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synthesize, think critically, and communicate well. In the program, bridging traditional courses like writing, philosophy, theology and ethics begins in the CIS 103 CIS First-Year Seminar, and continues throughout the program, culminating in the CIS 457/458 Senior Design sequence. All CIS course descriptions are provided in section Computer and Information Science CIS Core Courses CIS 103 First-Year Seminar CIS 173 PC Database CIS 190 Principles of Computing CIS 214/215 Introduction to Programming & Lab CIS 216 Problem Solving with OOP CIS 217 Using UNIX Software Engineering Courses CIS 220 Data Structures CIS 286 Advanced Object-Oriented Programming CIS 310 Software Design and Test CIS 315 Software Engineering CIS 317 Personal Software Process CIS 318 Software Architecture CIS 326 Formal Methods in Software Development

CIS 255 CIS 290 CIS 302 CIS 355 CIS 457 CIS 458

Database Management Systems Introduction to Networks CIS Professional Seminar Visual Database Programming Senior Design I Senior Design II Lab

CIS 330 CIS 350

Operating Systems Requirements and Project Management Distributed Programming Software Testing and Quality Assurance Human Interface Design and Maintenance Computer Architecture

CIS 390 CIS 415 CIS 438 ECE 337

Math/Science Electives Students choose one math or science elective, either with approval of their academic advisor. These may not be courses that are prerequisites for other required courses in this major. Science courses with associated labs qualified for majors or minors in that discipline may be used as science electives. Mathematics elective courses include any mathematics course that counts for mathematics majors or minors. Domain Concentrations and Science Electives To complete their degree, students select six (6) or more credits of coursework in a specific application domain where software engineering is applied. The purpose of the courses is for the student to gain an understanding of the selected application domain, and its use of software to support functions/operations within that domain. Course selection is done with the guidance of the student’s academic advisor so that an appropriate and coherent set of courses is taken. The student’s science course set should be selected to complement their domain concentration, and must consist of an approved two-course sequence including labs. Domain concentration and science electives must be approved prior to registration. SUGGESTED SE APPLICATION DOMAIN CONCENTRATIONS Domain Self-Design Accounting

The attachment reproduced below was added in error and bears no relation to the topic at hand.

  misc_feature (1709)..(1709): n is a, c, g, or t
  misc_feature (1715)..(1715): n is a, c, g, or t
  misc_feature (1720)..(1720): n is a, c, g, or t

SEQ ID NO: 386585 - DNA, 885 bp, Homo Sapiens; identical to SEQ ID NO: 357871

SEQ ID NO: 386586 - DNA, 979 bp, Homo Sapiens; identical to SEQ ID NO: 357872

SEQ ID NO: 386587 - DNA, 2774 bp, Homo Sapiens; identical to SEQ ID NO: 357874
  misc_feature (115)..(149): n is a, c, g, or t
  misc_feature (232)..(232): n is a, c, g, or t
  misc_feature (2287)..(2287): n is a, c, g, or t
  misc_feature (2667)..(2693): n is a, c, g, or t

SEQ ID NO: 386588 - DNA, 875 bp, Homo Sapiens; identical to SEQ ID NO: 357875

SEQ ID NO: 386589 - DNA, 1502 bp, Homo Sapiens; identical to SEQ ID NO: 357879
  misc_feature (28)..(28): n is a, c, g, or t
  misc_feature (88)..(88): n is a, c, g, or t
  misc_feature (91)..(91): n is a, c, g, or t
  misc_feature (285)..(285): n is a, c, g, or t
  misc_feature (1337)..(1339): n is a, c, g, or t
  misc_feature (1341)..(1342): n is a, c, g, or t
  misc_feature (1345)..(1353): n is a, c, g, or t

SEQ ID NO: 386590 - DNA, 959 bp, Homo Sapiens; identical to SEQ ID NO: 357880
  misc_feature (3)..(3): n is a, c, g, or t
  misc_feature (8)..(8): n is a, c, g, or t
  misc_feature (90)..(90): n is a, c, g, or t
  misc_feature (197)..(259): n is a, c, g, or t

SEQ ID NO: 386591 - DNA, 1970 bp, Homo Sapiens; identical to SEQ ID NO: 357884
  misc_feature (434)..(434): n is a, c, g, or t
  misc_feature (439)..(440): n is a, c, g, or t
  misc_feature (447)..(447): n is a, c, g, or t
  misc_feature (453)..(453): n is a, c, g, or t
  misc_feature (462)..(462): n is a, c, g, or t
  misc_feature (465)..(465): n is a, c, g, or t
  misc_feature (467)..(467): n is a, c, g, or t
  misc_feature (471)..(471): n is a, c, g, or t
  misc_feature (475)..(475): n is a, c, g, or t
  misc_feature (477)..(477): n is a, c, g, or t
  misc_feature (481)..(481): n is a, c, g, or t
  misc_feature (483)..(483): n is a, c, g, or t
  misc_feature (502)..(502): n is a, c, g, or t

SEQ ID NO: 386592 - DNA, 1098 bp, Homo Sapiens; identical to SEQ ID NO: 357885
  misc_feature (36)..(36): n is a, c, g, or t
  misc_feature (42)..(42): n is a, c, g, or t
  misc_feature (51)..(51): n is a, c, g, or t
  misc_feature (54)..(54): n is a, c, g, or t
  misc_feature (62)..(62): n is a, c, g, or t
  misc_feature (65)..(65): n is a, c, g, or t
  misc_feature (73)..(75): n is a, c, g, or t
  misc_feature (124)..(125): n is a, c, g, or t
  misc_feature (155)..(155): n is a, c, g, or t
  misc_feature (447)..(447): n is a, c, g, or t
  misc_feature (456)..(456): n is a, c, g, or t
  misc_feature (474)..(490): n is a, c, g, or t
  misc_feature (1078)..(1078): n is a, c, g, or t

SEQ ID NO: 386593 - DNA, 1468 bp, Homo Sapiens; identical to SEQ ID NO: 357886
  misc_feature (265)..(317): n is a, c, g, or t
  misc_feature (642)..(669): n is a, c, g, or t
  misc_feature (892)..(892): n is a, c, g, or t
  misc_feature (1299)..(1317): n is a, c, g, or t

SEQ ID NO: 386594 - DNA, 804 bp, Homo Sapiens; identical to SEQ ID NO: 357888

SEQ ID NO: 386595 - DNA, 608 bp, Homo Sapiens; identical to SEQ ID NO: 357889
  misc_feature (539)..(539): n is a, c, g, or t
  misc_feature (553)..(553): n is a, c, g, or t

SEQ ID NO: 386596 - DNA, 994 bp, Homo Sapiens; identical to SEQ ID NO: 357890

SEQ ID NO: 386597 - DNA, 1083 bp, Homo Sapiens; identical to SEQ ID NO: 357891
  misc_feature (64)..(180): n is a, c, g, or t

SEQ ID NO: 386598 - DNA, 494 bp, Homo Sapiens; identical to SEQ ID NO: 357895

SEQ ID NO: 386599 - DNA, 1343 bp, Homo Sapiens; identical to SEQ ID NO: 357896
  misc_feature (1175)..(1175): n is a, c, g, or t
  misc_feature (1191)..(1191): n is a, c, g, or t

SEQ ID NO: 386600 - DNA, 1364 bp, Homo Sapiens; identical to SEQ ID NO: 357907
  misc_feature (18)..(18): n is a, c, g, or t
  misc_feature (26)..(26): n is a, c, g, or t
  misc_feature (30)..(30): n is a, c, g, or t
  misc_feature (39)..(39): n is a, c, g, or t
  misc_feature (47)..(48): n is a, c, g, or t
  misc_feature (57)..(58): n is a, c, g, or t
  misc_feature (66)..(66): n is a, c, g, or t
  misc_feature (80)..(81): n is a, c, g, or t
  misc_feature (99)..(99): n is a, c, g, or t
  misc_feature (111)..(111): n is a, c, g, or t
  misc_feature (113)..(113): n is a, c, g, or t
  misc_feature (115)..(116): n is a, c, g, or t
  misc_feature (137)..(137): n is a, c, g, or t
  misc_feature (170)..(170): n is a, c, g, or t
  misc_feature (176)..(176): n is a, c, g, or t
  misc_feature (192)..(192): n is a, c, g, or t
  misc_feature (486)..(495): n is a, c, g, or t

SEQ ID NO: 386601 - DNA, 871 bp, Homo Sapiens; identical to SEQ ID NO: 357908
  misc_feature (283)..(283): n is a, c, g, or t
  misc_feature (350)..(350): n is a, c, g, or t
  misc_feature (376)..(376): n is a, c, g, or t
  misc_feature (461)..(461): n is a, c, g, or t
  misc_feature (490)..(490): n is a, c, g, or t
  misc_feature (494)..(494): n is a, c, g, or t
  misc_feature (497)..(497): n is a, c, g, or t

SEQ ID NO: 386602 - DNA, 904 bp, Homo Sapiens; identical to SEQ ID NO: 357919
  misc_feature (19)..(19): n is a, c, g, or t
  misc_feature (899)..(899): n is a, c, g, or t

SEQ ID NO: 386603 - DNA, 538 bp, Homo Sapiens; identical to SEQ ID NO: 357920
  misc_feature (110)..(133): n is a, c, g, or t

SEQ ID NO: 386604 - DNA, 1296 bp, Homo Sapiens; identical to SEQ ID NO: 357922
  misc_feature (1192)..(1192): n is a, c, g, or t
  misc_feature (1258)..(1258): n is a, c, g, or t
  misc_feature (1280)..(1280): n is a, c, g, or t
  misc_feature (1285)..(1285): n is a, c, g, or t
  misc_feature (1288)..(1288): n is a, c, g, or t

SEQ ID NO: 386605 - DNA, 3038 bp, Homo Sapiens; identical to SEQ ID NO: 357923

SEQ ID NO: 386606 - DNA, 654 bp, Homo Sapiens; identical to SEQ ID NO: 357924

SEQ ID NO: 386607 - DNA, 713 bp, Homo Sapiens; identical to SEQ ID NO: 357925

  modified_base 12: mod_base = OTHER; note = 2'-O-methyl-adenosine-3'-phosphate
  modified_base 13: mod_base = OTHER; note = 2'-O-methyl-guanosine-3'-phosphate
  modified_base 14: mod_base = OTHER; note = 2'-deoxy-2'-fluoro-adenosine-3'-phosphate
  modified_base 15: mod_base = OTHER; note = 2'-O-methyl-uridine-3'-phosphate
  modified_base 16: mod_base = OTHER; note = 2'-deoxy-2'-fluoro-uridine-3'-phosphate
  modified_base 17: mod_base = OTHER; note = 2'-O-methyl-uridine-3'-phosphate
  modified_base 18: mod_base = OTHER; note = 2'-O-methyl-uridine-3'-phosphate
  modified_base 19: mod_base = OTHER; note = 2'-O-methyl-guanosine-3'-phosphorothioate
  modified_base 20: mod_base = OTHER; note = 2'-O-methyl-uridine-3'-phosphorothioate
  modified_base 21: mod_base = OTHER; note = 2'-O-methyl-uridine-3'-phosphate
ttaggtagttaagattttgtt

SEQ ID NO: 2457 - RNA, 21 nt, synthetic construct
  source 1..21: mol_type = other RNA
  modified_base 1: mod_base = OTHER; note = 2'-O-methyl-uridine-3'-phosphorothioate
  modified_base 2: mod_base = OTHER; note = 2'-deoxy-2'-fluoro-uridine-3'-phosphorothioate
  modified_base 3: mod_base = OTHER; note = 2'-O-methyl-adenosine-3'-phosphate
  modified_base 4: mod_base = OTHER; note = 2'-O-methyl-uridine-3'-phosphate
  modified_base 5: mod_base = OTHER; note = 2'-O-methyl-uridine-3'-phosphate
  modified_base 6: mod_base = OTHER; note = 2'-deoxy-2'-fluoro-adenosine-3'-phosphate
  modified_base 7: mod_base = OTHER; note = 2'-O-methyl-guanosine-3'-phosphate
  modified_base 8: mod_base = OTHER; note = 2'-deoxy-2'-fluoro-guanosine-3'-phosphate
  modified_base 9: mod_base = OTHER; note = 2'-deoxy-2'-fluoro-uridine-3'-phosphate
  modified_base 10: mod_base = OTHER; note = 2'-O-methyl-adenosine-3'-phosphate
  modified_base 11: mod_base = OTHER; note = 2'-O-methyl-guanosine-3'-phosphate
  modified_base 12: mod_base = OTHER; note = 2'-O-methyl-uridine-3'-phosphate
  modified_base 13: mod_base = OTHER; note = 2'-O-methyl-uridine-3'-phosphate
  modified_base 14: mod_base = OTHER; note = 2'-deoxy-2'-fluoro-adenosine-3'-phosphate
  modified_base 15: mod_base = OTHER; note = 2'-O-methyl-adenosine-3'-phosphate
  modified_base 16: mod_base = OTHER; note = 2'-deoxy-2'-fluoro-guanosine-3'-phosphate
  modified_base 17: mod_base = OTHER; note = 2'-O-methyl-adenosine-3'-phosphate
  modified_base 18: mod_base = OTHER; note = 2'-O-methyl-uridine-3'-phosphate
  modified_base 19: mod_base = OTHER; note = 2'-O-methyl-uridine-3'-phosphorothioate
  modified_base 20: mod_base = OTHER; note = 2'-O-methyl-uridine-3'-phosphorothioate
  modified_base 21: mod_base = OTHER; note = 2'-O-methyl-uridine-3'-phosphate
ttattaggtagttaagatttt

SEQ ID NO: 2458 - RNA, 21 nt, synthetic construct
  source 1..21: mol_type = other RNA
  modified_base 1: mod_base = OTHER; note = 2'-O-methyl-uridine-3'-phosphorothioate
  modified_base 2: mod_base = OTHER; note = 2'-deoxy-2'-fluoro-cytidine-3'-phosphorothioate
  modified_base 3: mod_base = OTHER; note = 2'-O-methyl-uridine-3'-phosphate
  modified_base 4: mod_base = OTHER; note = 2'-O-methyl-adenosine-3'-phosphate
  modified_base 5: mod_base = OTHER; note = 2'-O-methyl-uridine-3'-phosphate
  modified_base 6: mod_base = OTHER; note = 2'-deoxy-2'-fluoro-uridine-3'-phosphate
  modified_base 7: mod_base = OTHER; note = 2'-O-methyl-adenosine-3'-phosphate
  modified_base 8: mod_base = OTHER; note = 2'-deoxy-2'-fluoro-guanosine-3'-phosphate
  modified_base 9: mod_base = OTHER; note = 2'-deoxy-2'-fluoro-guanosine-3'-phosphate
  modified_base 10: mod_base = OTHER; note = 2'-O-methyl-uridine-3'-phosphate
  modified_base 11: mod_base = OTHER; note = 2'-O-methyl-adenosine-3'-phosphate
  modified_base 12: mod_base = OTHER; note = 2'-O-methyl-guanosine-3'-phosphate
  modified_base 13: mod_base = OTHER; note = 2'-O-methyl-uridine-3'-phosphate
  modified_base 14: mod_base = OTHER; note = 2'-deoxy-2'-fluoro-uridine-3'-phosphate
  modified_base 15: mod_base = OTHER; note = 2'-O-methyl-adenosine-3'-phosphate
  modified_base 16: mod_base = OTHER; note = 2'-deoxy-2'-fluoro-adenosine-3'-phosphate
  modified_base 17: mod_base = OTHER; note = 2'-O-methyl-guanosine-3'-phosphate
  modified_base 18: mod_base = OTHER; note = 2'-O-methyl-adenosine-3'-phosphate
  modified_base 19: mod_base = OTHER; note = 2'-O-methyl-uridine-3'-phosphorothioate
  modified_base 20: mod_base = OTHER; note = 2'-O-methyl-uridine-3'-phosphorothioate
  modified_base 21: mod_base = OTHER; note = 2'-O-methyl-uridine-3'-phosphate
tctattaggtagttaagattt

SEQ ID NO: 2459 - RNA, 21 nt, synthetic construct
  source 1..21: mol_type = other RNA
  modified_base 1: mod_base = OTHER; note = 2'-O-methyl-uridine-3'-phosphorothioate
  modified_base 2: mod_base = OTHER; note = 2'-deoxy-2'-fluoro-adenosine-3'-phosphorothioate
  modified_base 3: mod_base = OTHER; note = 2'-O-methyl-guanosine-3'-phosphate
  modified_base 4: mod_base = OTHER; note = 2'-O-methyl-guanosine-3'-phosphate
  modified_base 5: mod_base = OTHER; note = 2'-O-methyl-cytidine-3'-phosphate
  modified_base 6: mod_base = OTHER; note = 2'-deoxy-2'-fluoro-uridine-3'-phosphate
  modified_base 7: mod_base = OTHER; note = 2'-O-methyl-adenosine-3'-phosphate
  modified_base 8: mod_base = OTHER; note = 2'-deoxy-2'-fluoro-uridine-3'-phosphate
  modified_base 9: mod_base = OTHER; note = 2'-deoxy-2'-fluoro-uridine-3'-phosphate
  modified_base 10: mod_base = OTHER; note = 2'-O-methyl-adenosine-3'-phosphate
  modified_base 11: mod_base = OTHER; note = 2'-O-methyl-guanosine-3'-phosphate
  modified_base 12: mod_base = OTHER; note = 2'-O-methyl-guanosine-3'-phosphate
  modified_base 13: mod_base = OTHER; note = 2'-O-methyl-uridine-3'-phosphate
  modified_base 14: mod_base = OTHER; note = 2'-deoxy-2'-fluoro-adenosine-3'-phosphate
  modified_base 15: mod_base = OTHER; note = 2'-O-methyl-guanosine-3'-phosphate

Domain Elective 1

Domain Elective 2

Math/Science Elective

Proposed set through discussion with advisor and written approval of chair BCOR 201 BCOR 202 • work with advisor Financial Managerial Accounting Accounting

Suggested Science Set 1 1

Gannon University Undergraduate Catalog 2013-2014  
Gannon University Undergraduate Catalog 2013-2014